Mind the gap, Brethren!
While the young man who is seeking admission today might not mind marching in a parade, that isn’t why he sought us out. His primary focus will never be flipping pancakes or peddling raffle tickets. Don’t misunderstand me. Those things aren’t bad. Working behind the scenes at the community breakfast gives him a chance to know his Brothers better, and selling tickets makes him feel he has a vested interest in the Lodge’s future. If that’s all you give him, though, he will soon be one of the few who “get his Degrees and never return,” and you will be left scratching your head.
Today’s young man joined to gain insight into the meaning of his life, to perfect the better side of his nature, and to give back to his fellow travelers. Do we give that to them? Do we listen to what they want, or do we tell them that they should want what we offer?Here Are we even willing to change to keep them?
I refuse to believe that Benjamin Franklin, Voltaire or Mozart rushed home from a busy day of diplomacy, philosophizing or composing, changed into a fresh ruffled shirt and knickers so they could to get to Lodge to hear the reading of the minutes, pay the bills and learn about income tax preparation, retirement planning or fly fishing.
In an age where most young men know each other only by avatars and screen names, and the closest thing they get to human interaction is a poke or a retweet, we have a tremendous opportunity. We can take them by the hand (literally), raise them up and say, “See. There is something bigger and more important than yourself and the tiny virtual universe contained in your iPhone,” or we can stubbornly cling to the Freemasonry of the past and wring our hands as they walk out the door, disillusioned and unfulfilled.
So what do we do? Start by asking what would Lodge need to be like to convince your child or grandchild to join? What would we need to give them in the Lodge to make them miss their child’s soccer practice or a night at home? I suspect it would be something Masonic – something they couldn’t get anywhere else. It could be something as simple as having an open discussion about the ancient charges. Spend fifteen minutes dissecting exactly what it is we are charged to do in the opening, closing, or the degrees. You could download one of the Grand Master’s PowerPoints, show a quality YouTube video on Masonry, or engage a speaker.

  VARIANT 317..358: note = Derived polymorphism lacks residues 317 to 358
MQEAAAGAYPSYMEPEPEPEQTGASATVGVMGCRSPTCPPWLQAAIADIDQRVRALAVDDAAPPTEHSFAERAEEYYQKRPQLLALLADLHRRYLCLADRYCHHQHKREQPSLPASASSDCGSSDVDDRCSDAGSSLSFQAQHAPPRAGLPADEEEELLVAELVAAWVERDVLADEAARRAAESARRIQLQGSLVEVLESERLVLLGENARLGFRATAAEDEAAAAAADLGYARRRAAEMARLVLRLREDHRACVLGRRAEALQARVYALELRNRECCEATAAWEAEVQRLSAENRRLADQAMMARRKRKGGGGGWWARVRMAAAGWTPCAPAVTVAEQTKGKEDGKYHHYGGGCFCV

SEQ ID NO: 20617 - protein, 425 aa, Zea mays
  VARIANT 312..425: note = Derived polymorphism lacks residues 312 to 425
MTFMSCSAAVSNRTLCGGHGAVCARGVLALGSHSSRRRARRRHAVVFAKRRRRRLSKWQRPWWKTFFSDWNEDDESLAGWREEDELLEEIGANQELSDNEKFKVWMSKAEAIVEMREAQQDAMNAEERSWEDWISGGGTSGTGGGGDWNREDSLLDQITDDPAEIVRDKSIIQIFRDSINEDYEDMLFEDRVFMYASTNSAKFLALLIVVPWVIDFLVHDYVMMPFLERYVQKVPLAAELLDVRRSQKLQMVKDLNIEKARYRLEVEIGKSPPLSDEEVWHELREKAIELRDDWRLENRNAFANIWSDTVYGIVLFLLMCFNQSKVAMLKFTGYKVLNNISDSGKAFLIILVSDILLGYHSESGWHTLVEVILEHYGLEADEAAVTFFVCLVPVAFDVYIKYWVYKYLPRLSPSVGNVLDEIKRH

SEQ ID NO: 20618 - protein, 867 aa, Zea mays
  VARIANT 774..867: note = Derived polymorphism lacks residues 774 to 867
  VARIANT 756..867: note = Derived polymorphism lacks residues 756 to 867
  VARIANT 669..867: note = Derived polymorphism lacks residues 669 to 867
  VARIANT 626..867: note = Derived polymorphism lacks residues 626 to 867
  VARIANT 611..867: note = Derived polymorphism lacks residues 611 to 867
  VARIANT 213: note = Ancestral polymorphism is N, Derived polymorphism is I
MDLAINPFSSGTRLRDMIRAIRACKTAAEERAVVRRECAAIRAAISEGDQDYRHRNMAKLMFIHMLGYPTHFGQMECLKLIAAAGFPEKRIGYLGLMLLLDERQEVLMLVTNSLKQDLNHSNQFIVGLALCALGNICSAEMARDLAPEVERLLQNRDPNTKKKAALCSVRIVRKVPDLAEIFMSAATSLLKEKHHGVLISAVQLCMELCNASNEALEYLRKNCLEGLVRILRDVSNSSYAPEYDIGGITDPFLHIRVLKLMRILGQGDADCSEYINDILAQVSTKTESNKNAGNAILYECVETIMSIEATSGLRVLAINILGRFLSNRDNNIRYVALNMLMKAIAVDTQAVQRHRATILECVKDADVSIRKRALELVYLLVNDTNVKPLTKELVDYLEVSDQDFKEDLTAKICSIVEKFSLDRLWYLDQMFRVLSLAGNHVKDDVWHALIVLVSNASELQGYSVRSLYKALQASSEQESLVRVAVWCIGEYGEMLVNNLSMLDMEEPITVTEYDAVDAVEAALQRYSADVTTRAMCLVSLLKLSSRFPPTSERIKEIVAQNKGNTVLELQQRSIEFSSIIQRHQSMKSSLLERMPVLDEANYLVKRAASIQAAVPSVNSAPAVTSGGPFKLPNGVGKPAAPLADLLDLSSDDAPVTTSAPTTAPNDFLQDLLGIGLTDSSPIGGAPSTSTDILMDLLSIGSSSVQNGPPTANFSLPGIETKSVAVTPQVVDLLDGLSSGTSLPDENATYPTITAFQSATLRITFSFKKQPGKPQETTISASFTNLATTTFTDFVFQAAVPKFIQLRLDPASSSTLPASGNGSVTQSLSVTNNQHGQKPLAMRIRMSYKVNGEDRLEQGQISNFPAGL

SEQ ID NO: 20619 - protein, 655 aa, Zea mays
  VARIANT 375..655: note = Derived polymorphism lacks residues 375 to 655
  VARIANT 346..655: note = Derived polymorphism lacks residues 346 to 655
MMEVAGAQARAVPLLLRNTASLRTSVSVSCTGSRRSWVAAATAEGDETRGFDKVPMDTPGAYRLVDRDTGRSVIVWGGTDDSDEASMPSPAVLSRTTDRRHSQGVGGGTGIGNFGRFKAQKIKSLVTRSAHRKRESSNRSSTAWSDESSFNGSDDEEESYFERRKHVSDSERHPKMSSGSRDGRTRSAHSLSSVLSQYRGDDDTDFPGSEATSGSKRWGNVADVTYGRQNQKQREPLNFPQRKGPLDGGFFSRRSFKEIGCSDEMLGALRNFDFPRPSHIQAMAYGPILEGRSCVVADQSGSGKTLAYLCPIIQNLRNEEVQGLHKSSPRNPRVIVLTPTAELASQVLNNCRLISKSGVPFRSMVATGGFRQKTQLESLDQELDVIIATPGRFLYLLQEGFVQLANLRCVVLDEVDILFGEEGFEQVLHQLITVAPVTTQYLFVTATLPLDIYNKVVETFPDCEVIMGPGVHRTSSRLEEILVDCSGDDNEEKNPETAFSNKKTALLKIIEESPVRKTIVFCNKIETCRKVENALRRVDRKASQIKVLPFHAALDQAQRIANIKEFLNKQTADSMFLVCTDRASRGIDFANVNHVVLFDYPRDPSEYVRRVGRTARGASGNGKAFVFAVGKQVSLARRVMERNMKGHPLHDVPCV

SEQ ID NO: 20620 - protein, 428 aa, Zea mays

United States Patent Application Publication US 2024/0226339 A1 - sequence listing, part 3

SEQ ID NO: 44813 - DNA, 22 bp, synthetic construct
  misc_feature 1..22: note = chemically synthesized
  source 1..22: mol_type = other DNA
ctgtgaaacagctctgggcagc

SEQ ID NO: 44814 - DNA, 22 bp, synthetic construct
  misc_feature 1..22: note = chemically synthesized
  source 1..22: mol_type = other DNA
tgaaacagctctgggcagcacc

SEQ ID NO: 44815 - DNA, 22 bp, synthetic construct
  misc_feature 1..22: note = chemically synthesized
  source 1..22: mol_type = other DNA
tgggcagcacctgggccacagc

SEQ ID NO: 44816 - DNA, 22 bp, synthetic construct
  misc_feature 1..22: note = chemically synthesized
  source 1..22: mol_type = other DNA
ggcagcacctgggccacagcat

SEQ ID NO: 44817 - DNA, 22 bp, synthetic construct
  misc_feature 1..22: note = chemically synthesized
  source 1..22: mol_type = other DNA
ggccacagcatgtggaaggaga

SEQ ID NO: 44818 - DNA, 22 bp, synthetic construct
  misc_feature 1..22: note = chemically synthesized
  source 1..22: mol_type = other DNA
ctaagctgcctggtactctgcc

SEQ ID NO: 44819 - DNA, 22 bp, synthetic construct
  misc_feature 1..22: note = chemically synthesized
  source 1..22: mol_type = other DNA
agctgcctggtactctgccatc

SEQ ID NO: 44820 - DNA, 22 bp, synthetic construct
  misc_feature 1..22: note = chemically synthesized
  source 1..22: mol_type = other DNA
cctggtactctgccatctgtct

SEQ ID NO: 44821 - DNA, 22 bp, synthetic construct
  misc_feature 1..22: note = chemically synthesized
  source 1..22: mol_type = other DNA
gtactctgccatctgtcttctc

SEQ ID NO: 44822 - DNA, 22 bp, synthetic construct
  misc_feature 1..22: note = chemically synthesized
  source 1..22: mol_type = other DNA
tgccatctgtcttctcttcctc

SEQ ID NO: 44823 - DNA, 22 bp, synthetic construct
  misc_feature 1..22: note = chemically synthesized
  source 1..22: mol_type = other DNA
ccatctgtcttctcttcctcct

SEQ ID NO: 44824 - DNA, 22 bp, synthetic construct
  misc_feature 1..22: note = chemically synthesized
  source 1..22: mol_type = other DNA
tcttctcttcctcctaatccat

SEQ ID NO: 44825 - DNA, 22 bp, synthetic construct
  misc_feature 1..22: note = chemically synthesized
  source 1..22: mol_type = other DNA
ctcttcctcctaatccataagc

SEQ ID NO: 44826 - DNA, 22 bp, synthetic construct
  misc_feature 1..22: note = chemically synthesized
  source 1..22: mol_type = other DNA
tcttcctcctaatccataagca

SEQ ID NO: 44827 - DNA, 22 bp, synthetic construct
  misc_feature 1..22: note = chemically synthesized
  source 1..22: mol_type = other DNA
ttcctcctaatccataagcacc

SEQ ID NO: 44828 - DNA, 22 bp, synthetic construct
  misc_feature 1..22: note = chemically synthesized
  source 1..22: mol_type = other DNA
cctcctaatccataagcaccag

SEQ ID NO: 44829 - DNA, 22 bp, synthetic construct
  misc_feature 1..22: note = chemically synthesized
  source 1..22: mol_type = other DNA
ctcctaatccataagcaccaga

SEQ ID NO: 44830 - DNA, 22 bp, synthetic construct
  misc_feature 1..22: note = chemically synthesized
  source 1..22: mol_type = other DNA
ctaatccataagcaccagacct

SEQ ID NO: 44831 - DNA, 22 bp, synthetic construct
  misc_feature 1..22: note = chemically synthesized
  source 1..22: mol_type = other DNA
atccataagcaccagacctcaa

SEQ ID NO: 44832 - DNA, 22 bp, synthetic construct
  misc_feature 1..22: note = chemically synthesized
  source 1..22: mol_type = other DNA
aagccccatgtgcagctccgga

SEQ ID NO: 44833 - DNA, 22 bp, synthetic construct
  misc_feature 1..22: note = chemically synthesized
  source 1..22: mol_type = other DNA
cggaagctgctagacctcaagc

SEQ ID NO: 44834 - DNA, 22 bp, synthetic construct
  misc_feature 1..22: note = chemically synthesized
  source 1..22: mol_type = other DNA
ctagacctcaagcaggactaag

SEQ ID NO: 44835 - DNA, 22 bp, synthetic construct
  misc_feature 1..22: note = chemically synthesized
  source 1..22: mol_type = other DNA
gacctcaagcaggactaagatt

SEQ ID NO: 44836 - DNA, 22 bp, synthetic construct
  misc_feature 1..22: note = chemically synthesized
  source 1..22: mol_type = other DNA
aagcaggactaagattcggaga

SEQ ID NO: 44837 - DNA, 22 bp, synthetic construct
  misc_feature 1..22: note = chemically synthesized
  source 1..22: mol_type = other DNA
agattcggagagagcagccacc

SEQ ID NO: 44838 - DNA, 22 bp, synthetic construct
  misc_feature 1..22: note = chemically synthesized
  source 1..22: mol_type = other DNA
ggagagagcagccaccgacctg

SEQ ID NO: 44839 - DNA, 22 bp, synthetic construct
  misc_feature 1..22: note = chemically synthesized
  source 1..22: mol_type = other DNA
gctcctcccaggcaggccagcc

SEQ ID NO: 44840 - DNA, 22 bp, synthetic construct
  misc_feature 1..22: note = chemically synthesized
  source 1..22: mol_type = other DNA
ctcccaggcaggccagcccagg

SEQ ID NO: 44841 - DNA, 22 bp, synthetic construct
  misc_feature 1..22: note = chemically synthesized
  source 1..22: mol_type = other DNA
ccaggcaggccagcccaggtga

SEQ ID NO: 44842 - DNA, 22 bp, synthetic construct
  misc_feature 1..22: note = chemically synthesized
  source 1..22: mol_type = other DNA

Next, we need to educate them. I’m talking now of Masonic education. In order to make young men into Masons, we need to teach them Masonry. Encourage them to use the education portal. You can even use it with them. We have the Master Builder program for new Masons, and now we have the Master Pillar program for the more seasoned among us.
Lastly, we need to value them. By that, I do not mean that we approach them following their Master Mason’s Degree and ask them if they want to be Junior Warden next year. We simply need to get the new members involved – to make them feel valued and necessary. And we need to do it in a way that works for them. If they are excited about floor work, make a spot. If they want to try a fundraiser that you’ve never done, let them chair it. Play on their strengths, their interests, and their abilities. If you do that, they’ll come back because they have purpose.
We don’t exist in a vacuum. As timeless as our teachings may be, we need to adapt them to the actual time we are in. The Lodges that do that the best will succeed. The ones that do not will struggle. The future isn’t bleak, Modern Vitruvians, it is just different.
Mind the Gap!